Solar panel experts discuss their benefits and misconceptions
Who we talked to
John Berton, owner
Green Lizard Solar LLC
Mark Bortman, owner
Andrew Koyaanisqatsi, president
Solar Energy Solutions Inc.
What's the benefit of using solar panels?
Andrew Koyaanisqatsi: I can't think of a better reason than to make the planet inhabitable for tens of thousands of years in the future. There are lots of economic reasons to go solar. In Oregon, we have a state income tax credit of up to $6,000, and [some] customers may be eligible for up to $20,000 through the Energy Trust of Oregon [a group that encourages state residents to use energy-efficient technology and renewable resources].
John Berton: You produce some of the energy you use from the sun. You also reduce reliance on burning fossil fuels, which increase carbon dioxide in the atmosphere and tie the United States to suppliers of those fuels. As more people become aware of environmental issues, they value sustainable energy systems more. As fuel prices increase, these systems will become even more interesting to potential buyers.
Mark Bortman: Solar energy has no pollution or chemicals. Energy from the sun is free and unlimited. Solar panels save money. When the sun's shining, they produce more electricity than you use, and you can sell extra power to the utility company.
Pennsylvania Gov. Edward G. Rendell recently signed a bill that could provide up to $100 million for loans, grants and rebates.
There's also a [Pennsylvania rebate] program in the works, but details haven't been worked out.
What are installation requirements?
Koyaanisqatsi: In Portland, you need a roof that's [expected to last] 15 years or more to get some available incentives. You also need unobstructed solar access year-round. If you have lots of trees, the roof won't have enough access to sunlight. Panels should be placed on the roof facing either south or west to get the most sunlight.
Photovoltaic systems can be $20,000 to $100,000 - they're about $9 to $12 per watt, and there's no limit on the number of watts. What limits you is space on your roof and your pocketbook.
Solar photovoltaic (PV) systems generate electricity, while solar thermal systems generate heat for water.
How does the installation process work?
Berton: We visit the site to determine the space available for installation and the customer's intent. The process takes about a week - we put the mounting system up, install the wiring or plumbing, then install the panels and interconnection.
Bortman: The first step is a site survey to see how suitable the location is. We check the area, and the tilt and slope of the roof. After the survey, we'll give a quote and spell out how much electricity the homeowner can expect the panels to produce and how much money they'll save. Installation takes about two days.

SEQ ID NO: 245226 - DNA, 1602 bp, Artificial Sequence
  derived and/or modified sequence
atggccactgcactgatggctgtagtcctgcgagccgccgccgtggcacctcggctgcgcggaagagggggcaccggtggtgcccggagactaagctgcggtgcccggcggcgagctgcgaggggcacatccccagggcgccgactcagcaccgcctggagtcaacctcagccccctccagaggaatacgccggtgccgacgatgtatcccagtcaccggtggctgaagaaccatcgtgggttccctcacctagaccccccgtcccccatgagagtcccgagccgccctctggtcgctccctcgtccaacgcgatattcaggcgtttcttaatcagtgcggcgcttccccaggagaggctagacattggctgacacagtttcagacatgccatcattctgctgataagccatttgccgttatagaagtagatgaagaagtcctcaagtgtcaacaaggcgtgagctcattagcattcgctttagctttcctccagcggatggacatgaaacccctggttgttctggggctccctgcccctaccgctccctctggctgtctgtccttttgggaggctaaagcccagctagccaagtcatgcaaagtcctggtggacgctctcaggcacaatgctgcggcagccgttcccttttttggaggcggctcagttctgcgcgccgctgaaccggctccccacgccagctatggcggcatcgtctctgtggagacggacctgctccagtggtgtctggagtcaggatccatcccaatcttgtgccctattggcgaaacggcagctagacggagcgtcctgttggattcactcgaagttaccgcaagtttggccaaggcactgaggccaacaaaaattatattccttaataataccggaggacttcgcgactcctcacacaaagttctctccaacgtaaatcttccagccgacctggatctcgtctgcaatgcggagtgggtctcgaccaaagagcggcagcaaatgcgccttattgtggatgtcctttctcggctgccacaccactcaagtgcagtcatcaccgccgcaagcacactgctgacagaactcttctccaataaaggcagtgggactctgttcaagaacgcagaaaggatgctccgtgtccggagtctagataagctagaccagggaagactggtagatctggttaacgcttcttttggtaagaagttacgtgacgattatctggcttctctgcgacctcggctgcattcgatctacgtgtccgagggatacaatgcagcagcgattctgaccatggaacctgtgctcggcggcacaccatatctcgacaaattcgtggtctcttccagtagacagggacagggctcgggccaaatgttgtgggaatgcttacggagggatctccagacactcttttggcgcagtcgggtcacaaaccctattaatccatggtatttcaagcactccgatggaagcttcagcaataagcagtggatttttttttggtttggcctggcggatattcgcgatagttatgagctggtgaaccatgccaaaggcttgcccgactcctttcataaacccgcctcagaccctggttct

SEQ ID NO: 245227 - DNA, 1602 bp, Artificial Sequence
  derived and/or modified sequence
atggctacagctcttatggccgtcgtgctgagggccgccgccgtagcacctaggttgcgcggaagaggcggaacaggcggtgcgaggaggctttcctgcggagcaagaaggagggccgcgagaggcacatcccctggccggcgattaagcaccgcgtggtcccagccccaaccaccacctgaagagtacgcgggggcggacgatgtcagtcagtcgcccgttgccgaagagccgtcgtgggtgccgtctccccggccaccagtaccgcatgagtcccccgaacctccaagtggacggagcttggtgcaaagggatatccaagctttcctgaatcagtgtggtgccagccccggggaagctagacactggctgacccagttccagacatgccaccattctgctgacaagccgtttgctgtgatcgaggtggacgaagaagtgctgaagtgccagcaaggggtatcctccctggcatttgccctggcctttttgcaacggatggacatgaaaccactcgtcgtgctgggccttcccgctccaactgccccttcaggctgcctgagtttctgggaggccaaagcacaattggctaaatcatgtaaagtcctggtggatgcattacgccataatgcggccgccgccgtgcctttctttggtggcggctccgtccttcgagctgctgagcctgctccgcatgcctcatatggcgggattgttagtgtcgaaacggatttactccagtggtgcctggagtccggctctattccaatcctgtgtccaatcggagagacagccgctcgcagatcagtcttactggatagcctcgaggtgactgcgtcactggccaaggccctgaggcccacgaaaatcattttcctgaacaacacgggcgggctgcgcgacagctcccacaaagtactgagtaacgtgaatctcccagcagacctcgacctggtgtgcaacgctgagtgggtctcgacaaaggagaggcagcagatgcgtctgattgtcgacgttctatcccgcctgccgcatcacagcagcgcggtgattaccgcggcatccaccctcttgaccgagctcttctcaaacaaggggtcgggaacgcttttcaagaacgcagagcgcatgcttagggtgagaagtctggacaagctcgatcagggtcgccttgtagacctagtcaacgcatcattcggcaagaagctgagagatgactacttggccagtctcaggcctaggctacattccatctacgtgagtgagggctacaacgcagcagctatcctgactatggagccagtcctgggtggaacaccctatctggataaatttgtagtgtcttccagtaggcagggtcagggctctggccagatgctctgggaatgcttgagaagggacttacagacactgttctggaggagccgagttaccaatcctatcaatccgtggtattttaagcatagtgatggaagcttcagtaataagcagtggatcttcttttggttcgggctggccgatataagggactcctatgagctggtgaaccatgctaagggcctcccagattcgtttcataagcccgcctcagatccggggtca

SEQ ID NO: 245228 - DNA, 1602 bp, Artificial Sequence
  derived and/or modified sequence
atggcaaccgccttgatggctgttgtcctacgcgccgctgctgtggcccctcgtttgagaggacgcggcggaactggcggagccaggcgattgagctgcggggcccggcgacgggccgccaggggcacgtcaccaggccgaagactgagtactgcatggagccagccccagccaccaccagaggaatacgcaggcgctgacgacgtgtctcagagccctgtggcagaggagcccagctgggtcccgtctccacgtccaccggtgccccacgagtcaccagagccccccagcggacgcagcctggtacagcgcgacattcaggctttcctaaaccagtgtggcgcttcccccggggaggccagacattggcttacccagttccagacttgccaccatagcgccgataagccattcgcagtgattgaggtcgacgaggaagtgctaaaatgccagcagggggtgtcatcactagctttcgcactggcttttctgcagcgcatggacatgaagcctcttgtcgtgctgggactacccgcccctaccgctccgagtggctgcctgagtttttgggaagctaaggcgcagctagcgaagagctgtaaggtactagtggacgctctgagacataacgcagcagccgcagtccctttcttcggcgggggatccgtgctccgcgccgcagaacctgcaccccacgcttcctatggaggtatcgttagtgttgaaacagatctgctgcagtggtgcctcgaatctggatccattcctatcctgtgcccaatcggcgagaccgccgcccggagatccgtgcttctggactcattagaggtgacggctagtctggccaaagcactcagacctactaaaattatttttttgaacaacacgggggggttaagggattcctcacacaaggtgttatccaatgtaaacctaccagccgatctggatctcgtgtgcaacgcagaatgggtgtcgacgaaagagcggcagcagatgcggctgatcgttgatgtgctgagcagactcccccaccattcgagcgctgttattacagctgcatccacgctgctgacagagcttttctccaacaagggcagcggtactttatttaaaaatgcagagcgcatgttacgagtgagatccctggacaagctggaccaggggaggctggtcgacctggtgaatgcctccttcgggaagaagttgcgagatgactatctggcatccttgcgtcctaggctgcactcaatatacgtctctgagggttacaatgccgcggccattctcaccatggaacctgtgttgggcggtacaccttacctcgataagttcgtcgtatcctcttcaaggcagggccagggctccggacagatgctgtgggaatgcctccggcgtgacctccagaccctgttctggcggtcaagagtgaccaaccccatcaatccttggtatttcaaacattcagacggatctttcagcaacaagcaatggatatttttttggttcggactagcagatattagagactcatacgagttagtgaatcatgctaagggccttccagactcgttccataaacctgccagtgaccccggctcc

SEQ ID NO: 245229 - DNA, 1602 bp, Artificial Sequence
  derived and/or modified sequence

How durable are solar panels?
Koyaanisqatsi: They aren't fragile. I'm not gentle on things, and I've yet to break one. There's no maintenance on a solar electric system. PV panels come with 20- to 25-year warranties. We warranty all installations for two years- parts and labor.
Berton: Most come with a 25-year warranty. It's not likely they'll be damaged by the weather, and maintenance is virtually nonexistent. Repair costs aren't great if the systems are properly installed.
Bortman: The panels typically last 40 to 50 years. They're virtually maintenance-free, but after about 10 years you may need to replace the inverter, which converts electricity the panels produce into electricity your appliances can use.
Do people have misconceptions about solar panels?
A federal tax credit allows homeowners who install solar panel systems to be reimbursed for 30 percent of the cost.
Koyaanisqatsi: I used to hear all the time [that people] didn't like the way they looked, but I don't find that perception is prevalent anymore. Did anyone care how the first generation of satellite dishes looked? No - they wanted access to 200 stations. Escalating energy bills - now that's ugly. People will look for reasons to either go solar or not go solar. It's the same with buying a [Toyota] Prius or using compact fluorescent lightbulbs. There are a million reasons to do or not do something.
Berton: People often comment on their look. If we'd grown up with panels on our roofs, they'd be just part of the scenery. Many people have misconceptions on how much power is produced. We often get people who plan on producing all their electric power with a few panels or think they'll heat their entire house with two panels on their roof. We explain they'll produce a percentage of their power, not all of it.
Bortman: A common misconception is people thinking they won't have a utility bill at all. If they want their bill to go away entirely, they'd need to purchase a large enough system for the size of the home and batteries to store the extra energy. If they don't want batteries, they can use net metering with the utility company. You still have a bill - it's the net of what you've used minus what you've sold [back to the company] - but it'll be drastically reduced.